One of the newer technologies out there is Silverlight 1.0, which was released in September of 2007. At the time of this writing, Silverlight 1.0 is the only production release of the product. However, Silverlight 2.0 will be released in the first half of 2008.
Silverlight is a lightweight browser plug-in from Microsoft that, much like Adobe's Flash, will allow for greater fluidity in your applications, thereby providing a rich user experience like no other in ASP.NET. The base of Silverlight is XAML — a new markup language for creating applications by Microsoft, such as WPF (Windows Presentation Foundation) applications.
You can build Silverlight applications using Microsoft's new Expression Blend IDE, as well as the new Visual Studio 2008. This chapter looks at the basics of Silverlight and how to build a Silverlight application.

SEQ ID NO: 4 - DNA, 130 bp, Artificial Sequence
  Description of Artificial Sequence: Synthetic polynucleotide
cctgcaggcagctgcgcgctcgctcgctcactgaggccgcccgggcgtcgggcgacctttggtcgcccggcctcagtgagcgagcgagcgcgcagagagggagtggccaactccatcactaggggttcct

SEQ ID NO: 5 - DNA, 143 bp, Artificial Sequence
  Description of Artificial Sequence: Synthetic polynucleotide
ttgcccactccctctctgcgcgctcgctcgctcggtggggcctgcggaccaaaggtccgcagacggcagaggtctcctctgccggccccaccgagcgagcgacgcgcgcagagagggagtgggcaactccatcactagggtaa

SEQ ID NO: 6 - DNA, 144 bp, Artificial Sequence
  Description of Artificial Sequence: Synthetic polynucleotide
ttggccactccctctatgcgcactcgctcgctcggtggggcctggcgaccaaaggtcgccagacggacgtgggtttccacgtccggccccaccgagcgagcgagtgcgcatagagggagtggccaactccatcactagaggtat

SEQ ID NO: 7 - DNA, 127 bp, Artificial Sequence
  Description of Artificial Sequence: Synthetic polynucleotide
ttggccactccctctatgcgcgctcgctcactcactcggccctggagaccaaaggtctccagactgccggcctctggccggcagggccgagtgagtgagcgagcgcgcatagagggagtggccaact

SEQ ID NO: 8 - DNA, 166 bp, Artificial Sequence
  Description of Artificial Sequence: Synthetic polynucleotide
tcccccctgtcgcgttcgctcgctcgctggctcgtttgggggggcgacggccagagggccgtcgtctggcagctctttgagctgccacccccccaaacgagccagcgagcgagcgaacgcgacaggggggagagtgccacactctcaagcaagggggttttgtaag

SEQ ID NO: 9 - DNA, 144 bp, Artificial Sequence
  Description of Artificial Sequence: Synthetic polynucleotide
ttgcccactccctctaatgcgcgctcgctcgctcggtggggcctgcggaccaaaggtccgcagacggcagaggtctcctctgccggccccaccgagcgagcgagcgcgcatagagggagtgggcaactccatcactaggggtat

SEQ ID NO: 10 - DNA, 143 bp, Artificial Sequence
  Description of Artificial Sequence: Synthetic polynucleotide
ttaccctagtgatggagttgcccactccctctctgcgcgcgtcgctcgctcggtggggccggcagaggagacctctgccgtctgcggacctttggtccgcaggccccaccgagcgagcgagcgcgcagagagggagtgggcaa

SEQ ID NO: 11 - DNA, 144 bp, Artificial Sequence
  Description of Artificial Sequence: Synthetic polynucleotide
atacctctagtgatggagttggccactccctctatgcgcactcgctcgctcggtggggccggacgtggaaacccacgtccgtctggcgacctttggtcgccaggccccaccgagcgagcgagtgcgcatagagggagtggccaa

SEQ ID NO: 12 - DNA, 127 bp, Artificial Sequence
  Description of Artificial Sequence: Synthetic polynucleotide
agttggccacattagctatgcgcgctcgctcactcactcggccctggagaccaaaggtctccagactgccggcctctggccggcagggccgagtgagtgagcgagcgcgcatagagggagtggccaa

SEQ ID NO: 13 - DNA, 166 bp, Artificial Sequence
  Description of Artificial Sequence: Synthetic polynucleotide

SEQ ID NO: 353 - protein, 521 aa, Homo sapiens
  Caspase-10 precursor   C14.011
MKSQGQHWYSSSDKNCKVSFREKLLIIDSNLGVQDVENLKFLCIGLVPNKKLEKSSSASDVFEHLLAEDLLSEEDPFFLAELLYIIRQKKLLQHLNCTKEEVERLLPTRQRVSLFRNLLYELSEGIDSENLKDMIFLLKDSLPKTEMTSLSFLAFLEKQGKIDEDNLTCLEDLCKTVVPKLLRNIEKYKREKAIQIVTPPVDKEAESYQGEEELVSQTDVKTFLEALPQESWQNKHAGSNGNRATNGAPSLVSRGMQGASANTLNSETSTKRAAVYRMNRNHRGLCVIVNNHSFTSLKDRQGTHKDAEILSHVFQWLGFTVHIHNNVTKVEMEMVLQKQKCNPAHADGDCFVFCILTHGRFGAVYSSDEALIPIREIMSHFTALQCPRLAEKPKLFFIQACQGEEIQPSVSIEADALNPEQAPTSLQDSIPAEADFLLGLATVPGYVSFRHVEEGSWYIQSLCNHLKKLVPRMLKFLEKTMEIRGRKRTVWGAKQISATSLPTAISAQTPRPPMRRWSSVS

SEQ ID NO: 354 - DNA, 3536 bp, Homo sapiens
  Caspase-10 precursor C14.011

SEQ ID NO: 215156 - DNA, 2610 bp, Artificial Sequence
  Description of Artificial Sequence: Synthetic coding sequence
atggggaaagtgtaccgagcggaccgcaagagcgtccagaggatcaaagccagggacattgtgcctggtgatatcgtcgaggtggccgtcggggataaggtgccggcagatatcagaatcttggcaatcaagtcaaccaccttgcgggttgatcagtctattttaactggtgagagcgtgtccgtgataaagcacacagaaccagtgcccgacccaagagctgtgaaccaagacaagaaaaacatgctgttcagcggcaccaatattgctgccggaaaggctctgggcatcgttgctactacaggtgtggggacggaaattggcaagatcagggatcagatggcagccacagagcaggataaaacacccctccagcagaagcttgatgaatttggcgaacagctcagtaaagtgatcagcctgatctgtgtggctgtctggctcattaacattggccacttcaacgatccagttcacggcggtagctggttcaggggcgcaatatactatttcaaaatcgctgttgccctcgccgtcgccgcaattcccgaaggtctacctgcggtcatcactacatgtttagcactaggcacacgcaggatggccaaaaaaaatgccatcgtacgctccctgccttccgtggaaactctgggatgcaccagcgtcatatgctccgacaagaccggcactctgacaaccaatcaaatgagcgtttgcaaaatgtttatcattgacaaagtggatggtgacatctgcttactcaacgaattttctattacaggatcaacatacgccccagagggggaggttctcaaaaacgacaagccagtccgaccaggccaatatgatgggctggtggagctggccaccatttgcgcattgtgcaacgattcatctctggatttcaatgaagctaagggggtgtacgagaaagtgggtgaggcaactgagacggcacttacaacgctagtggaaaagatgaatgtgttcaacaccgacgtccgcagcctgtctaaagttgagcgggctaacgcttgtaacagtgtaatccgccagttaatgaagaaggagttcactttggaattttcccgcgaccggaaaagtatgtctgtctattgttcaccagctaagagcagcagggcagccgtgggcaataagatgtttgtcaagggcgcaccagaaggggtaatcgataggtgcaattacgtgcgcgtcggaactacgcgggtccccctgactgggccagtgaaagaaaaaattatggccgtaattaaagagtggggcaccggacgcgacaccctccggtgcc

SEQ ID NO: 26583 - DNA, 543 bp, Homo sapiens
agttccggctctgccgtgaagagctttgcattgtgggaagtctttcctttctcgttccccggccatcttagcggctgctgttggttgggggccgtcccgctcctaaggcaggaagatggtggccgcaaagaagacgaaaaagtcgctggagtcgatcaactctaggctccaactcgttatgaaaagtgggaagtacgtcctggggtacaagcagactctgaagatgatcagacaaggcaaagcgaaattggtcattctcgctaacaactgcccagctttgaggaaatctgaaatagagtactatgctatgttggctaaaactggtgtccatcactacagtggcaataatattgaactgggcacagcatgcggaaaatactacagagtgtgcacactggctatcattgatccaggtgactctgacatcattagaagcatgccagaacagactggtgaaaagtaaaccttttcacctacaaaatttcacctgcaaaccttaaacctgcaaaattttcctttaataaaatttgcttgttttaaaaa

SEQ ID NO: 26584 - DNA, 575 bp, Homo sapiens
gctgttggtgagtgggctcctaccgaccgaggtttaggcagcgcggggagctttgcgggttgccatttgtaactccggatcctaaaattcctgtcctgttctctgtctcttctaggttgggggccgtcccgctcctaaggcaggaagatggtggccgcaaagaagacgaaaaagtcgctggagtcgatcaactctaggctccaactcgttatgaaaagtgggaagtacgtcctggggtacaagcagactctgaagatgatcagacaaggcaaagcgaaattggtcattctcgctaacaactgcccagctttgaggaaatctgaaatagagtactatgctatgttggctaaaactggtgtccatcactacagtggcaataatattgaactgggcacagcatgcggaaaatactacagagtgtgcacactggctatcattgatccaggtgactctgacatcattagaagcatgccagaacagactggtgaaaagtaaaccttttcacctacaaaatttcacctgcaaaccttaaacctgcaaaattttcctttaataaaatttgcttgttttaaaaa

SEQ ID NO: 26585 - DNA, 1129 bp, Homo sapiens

Silverlight is not tied to Microsoft's Internet Explorer. It cannot be. If an application is going to work on the Web, then it has to work in a multitude of browsers. For this reason, Silverlight is a cross-browser platform for the applications you build. It is a standalone environment and has no dependency for items, such as the .NET Framework, on the client machine.
However, even though you are using XAML to build your Silverlight applications, you're not required to have the .NET Framework 3.0 or 3.5 on the client. Instead, the XAML is loaded into the browser and run in the context of the Silverlight ...